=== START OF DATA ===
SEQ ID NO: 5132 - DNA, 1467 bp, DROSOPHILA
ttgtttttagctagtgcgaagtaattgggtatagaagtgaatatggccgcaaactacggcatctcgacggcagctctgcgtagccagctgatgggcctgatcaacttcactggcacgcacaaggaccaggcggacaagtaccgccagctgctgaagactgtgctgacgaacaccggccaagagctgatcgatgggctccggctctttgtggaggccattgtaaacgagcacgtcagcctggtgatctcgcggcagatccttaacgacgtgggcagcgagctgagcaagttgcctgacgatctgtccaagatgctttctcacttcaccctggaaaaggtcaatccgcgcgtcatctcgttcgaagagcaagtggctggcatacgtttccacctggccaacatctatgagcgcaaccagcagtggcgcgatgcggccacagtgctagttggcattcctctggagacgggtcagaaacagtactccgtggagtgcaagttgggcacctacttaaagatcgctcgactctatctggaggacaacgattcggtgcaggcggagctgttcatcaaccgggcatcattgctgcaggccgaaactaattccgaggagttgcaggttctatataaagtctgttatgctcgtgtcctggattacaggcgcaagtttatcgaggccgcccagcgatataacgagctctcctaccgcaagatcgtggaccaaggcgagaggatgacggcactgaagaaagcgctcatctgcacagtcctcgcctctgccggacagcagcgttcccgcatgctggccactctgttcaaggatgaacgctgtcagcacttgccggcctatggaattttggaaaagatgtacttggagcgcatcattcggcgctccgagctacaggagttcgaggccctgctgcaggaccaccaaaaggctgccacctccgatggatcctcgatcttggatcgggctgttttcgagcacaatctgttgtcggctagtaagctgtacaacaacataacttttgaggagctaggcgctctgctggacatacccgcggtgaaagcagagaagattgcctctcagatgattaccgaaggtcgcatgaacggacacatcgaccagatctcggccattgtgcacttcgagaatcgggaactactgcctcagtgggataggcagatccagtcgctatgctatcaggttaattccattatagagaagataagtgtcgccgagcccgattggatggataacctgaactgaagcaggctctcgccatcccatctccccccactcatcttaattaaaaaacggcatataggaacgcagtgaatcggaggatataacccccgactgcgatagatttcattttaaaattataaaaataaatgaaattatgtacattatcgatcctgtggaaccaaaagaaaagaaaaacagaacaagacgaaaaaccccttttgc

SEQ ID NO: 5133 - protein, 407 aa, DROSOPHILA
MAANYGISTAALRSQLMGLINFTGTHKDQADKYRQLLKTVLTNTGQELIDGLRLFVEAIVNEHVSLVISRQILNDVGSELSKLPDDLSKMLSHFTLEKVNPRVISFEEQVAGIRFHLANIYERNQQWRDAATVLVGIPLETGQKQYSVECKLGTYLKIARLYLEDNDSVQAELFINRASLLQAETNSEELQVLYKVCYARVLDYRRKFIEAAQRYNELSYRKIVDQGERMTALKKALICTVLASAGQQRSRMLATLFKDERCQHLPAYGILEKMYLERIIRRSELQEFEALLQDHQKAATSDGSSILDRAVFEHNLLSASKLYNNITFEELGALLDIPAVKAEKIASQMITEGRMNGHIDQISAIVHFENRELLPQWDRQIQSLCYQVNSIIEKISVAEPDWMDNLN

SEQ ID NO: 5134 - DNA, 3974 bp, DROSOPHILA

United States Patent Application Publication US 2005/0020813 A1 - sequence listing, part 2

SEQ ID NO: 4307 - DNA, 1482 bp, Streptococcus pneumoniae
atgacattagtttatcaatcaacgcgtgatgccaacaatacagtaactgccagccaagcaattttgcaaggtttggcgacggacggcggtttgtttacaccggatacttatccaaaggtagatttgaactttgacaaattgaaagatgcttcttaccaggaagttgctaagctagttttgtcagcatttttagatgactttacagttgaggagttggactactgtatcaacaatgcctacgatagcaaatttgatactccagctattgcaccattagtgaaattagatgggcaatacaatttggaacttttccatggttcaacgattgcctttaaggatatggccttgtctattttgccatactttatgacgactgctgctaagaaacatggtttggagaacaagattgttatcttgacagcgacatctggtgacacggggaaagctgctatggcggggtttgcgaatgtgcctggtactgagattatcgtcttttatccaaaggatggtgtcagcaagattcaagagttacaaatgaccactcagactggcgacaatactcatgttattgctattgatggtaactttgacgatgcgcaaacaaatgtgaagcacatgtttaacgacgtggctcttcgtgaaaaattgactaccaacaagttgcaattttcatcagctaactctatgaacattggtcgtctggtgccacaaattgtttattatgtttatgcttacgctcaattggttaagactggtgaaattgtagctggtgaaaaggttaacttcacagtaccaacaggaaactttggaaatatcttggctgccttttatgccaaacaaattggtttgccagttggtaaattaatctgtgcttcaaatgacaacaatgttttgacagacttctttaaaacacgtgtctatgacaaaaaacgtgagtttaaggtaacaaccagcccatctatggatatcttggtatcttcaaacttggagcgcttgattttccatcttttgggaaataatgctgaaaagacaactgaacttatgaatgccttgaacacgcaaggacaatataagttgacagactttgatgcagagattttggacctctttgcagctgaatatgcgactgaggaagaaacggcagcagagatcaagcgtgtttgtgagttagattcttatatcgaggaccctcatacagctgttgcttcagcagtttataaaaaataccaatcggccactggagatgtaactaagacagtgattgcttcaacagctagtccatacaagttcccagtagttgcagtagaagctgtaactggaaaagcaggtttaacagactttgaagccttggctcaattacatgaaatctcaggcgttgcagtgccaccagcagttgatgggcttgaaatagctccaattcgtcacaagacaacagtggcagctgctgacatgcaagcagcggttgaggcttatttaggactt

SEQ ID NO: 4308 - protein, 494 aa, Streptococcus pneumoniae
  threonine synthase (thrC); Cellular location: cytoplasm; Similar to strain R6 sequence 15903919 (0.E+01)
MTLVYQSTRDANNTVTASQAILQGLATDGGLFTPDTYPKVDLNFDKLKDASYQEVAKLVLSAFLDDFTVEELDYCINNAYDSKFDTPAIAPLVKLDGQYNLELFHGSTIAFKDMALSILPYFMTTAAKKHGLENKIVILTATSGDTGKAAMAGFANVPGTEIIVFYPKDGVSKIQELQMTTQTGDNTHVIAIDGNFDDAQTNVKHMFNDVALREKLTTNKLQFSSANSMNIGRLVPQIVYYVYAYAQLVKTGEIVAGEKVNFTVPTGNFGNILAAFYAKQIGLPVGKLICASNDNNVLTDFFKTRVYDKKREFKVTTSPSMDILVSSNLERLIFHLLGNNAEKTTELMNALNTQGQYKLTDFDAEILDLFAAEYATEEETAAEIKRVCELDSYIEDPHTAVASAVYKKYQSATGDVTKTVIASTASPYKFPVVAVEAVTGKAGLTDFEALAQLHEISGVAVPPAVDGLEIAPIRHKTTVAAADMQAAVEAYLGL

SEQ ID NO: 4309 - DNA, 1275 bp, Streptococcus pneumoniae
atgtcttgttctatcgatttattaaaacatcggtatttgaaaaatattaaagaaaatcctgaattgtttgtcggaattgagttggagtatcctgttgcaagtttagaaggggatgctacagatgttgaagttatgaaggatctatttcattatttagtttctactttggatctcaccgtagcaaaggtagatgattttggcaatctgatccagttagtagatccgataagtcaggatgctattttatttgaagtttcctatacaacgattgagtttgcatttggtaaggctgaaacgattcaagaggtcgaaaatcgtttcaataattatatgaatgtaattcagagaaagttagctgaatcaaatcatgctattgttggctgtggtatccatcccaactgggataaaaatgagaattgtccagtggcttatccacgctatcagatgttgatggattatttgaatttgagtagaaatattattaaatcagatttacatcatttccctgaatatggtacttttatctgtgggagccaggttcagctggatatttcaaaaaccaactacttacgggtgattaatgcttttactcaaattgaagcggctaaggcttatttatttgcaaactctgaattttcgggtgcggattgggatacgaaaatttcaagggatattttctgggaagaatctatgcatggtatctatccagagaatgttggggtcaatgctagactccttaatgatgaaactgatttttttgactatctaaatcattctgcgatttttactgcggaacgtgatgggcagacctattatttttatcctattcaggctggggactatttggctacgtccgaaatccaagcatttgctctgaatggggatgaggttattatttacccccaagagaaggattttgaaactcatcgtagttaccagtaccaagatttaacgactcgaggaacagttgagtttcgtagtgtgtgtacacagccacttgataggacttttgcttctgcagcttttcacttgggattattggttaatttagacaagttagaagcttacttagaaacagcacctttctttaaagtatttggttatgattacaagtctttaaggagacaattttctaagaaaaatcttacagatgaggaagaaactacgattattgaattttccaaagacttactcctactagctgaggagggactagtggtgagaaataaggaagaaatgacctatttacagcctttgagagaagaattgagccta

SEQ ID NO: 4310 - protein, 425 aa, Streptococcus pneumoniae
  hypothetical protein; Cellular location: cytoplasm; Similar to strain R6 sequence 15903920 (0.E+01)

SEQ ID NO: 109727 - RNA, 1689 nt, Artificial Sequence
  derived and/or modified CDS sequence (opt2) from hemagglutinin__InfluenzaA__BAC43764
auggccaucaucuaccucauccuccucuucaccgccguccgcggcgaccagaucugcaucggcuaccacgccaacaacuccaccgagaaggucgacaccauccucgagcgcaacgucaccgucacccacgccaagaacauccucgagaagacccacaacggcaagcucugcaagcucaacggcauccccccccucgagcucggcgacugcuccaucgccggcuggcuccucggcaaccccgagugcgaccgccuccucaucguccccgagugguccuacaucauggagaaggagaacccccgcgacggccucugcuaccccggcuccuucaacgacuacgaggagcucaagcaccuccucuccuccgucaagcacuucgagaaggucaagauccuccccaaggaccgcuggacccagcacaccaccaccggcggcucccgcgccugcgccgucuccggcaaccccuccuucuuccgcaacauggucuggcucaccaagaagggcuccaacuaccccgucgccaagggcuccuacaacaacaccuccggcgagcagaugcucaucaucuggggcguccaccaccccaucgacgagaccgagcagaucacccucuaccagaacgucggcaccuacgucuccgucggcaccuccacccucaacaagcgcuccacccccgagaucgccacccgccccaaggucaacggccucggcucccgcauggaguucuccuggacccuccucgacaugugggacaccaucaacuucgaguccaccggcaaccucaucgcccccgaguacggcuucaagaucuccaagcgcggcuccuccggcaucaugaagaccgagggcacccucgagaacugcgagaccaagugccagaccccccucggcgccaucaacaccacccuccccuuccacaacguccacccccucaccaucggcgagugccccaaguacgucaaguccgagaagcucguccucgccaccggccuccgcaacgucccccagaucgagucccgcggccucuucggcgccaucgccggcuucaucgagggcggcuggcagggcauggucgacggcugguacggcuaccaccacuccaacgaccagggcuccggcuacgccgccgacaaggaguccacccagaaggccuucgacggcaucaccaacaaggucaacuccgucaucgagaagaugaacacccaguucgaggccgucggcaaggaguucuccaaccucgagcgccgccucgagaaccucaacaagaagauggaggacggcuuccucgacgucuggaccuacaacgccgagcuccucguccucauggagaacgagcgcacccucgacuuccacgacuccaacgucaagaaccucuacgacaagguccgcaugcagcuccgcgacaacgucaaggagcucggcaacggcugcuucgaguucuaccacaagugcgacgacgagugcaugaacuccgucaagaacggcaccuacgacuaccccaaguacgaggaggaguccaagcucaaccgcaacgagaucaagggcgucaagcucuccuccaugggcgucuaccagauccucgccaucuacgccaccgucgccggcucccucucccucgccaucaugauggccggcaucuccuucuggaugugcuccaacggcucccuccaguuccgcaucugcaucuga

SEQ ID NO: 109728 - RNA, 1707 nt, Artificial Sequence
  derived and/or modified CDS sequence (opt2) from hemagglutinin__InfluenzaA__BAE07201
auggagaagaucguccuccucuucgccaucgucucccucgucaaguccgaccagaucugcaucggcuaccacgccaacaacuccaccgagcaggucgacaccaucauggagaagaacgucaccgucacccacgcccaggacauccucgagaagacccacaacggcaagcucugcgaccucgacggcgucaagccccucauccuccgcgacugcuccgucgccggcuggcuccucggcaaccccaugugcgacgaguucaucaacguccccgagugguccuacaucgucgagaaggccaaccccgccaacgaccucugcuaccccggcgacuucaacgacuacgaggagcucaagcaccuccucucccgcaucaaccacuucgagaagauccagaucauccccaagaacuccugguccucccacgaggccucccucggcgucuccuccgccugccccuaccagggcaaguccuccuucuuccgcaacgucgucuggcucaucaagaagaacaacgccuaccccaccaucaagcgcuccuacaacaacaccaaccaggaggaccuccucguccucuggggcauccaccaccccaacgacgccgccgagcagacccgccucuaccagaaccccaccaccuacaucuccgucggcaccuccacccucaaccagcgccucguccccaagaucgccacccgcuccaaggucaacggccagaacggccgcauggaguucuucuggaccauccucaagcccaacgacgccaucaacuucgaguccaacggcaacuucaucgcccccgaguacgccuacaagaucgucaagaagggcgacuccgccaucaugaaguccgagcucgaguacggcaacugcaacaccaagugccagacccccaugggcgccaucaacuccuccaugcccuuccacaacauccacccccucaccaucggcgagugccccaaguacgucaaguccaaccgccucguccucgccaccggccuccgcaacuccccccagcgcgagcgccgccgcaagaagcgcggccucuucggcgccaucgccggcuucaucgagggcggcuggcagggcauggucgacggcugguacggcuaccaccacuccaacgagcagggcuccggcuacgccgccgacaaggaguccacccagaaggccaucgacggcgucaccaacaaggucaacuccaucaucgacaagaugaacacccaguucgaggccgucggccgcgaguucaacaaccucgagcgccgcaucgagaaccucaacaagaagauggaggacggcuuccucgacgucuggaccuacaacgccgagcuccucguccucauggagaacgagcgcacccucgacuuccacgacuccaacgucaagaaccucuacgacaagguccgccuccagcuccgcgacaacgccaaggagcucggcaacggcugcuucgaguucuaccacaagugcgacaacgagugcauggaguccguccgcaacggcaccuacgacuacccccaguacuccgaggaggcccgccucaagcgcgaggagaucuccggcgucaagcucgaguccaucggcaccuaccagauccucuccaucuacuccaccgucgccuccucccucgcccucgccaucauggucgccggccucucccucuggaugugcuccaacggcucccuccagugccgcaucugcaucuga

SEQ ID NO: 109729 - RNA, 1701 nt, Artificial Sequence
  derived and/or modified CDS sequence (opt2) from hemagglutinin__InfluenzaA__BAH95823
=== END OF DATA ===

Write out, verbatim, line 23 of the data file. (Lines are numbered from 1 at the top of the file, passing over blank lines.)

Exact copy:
  derived and/or modified CDS sequence (opt2) from hemagglutinin__InfluenzaA__BAH95823